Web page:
N2 - Objective: To compare the effects of cardiac resynchronisation therapy (CRT) in patients with heart failure (HF) in either atrial fibrillation (AF) or sinus rhythm (SR).Design: Prospective observational study.Patients: 295 consecutive patients with HF (permanent AF in 66, paroxysmal AF in 20, SR in 209; New York Heart Association (NYHA) class III or IV; left ventricular ejection fraction (LVEF) <= 35%, QRS >= 120 ms).Interventions: All patients underwent CRT without atrioventricular junction ablation.Main outcome measures: The primary end point was the composite of cardiovascular death or unplanned hospitalisation for major cardiovascular events. Secondary end points included the composite of cardiovascular death or hospitalisation for worsening HF. Cardiovascular mortality, total mortality and changes in NYHA class, 6-minute walking distance, quality of life (Minnesota Living with Heart Failure questionnaire) and echocardiographic variables were also considered.Results: Over a follow-up period of up to 6.8 years, no differences emerged between patients in AF or SR in any of the mortality or morbidity end points. The AF and SR groups derived similar improvements in mean NYHA class (-1.3 vs -1.2), 6-minute walking distance (92.3 vs 78.4 m) and quality of life scores (-25.2 vs -18.7) (all p<0.001). In both the AF and the SR groups, reductions were seen in left ventricular end-systolic (-25.9 vs -34.5 ml, both p<0.001) and end-diastolic (-20.2 ml, p = 0.001 vs 26.2 ml, p<0.001) volumes and improvements in LVEF (4.69% vs 7.86%, both p<0.001).Conclusions: Cardiac resynchronisation therapy leads to similar prognostic and symptomatic benefits in patients in AF and SR, even without atrioventricular junction ablation. Echocardiographic improvements are also comparable.

AB - Objective: To compare the effects of cardiac resynchronisation therapy (CRT) in patients with heart failure (HF) in either atrial fibrillation (AF) or sinus rhythm (SR).Design: Prospective observational study.Patients: 295 consecutive patients with HF (permanent AF in 66, paroxysmal AF in 20, SR in 209; New York Heart Association (NYHA) class III or IV; left ventricular ejection fraction (LVEF) <= 35%, QRS >= 120 ms).Interventions: All patients underwent CRT without atrioventricular junction ablation.Main outcome measures: The primary end point was the composite of cardiovascular death or unplanned hospitalisation for major cardiovascular events. Secondary end points included the composite of cardiovascular death or hospitalisation for worsening HF. Cardiovascular mortality, total mortality and changes in NYHA class, 6-minute walking distance, quality of life (Minnesota Living with Heart Failure questionnaire) and echocardiographic variables were also considered.Results: Over a follow-up period of up to 6.8 years, no differences emerged between patients in AF or SR in any of the mortality or morbidity end points. The AF and SR groups derived similar improvements in mean NYHA class (-1.3 vs -1.2), 6-minute walking distance (92.3 vs 78.4 m) and quality of life scores (-25.2 vs -18.7) (all p<0.001). In both the AF and the SR groups, reductions were seen in left ventricular end-systolic (-25.9 vs -34.5 ml, both p<0.001) and end-diastolic (-20.2 ml, p = 0.001 vs 26.2 ml, p<0.001) volumes and improvements in LVEF (4.69% vs 7.86%, both p<0.001).Conclusions: Cardiac resynchronisation therapy leads to similar prognostic and symptomatic benefits in patients in AF and SR, even without atrioventricular junction ablation. Echocardiographic improvements are also comparable.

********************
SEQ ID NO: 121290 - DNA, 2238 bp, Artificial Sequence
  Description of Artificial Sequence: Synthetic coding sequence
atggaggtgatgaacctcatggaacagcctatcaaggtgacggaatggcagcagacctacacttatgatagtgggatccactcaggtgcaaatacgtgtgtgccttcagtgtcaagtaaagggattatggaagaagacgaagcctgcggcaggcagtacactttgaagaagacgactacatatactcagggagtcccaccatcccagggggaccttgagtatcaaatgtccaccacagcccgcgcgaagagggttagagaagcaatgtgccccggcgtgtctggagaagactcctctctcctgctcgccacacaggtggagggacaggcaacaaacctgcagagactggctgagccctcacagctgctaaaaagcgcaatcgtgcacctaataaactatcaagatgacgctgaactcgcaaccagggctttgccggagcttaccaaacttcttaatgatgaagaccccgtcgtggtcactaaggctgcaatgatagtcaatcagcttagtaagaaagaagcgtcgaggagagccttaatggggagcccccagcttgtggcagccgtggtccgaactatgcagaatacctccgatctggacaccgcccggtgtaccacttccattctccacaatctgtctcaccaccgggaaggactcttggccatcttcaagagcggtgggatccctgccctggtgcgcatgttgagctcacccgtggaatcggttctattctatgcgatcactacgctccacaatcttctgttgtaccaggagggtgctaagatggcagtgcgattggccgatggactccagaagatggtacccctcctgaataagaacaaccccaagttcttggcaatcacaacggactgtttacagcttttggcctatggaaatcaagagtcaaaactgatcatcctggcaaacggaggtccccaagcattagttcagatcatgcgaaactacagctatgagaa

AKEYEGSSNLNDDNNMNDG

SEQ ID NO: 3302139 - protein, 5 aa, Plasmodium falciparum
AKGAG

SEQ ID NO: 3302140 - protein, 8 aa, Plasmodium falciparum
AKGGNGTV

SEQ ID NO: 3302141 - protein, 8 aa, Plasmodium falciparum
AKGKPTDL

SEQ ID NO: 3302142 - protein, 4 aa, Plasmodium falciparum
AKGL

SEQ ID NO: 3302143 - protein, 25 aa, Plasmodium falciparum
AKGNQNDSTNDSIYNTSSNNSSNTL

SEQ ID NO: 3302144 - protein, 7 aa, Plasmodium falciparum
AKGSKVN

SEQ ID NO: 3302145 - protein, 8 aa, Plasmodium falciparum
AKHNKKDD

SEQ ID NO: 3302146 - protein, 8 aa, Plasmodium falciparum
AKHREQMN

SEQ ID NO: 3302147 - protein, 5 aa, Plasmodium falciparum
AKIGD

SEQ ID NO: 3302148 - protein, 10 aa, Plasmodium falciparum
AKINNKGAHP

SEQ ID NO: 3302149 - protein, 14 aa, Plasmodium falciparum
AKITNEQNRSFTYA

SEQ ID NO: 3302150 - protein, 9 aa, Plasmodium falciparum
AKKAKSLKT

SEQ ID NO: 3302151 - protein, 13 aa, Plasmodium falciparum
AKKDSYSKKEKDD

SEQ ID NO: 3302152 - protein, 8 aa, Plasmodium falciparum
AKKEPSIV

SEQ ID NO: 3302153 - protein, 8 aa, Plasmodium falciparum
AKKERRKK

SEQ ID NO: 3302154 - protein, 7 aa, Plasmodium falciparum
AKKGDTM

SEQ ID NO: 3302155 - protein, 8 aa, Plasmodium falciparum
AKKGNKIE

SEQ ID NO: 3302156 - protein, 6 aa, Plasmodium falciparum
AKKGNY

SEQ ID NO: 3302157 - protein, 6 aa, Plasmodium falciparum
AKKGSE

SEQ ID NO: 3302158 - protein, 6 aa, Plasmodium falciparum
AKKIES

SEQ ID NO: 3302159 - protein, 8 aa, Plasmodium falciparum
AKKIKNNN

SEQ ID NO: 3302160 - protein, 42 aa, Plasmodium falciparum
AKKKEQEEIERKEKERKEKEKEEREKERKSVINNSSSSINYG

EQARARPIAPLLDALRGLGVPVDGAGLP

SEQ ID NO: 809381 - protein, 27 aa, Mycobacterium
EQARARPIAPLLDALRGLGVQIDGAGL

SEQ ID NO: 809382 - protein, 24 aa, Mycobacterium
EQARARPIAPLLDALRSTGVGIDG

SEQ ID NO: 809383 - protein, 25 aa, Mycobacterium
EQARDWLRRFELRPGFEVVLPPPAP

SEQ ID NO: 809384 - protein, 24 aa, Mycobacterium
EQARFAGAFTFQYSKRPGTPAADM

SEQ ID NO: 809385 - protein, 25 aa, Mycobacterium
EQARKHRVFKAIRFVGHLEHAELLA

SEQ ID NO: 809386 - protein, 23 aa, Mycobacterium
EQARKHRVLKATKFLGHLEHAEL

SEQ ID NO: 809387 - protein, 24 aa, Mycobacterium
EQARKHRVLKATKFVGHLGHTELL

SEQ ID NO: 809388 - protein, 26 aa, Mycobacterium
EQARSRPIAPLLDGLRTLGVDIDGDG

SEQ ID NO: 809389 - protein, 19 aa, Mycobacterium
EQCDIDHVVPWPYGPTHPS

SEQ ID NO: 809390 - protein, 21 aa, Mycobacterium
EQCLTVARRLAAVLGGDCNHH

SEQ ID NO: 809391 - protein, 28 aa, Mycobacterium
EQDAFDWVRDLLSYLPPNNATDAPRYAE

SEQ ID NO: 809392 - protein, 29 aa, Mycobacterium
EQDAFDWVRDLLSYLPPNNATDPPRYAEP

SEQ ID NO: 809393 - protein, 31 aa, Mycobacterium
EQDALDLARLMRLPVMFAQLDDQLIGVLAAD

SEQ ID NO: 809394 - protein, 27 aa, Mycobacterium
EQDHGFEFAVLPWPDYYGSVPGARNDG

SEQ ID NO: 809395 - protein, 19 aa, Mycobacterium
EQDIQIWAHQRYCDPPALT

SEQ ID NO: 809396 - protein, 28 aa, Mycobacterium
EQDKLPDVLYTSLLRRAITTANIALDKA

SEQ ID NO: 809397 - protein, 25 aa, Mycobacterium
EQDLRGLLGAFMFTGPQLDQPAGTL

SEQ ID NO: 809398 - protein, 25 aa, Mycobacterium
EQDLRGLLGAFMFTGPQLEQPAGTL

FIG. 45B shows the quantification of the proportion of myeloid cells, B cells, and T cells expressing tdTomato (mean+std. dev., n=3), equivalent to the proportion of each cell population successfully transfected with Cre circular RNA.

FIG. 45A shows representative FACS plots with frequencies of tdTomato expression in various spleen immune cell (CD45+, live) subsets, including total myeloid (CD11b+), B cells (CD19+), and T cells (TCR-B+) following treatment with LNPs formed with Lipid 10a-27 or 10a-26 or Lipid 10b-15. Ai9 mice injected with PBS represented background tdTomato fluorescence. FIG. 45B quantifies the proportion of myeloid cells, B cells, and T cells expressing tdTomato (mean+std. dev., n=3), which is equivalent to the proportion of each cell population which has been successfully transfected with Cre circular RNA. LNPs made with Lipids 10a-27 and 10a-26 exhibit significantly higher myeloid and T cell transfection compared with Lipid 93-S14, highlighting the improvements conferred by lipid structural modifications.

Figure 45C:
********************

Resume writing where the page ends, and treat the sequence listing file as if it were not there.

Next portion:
KW - congestive-heart-failure

KW - resynchronization therapy

KW - sinus rhythm

KW - mortality

KW - ablation

KW - cardiomyopathy

KW - stimulation

KW - progression

KW - delay

KW - trial

U2 - 10.1136/hrt.2007.129429

DO - 10.1136/hrt.2007.129429

M3 - Article

VL - 94

SP - 879

EP - 883

JO - Heart

JF - Heart

SN - 1355-6037

IS - 7

ER -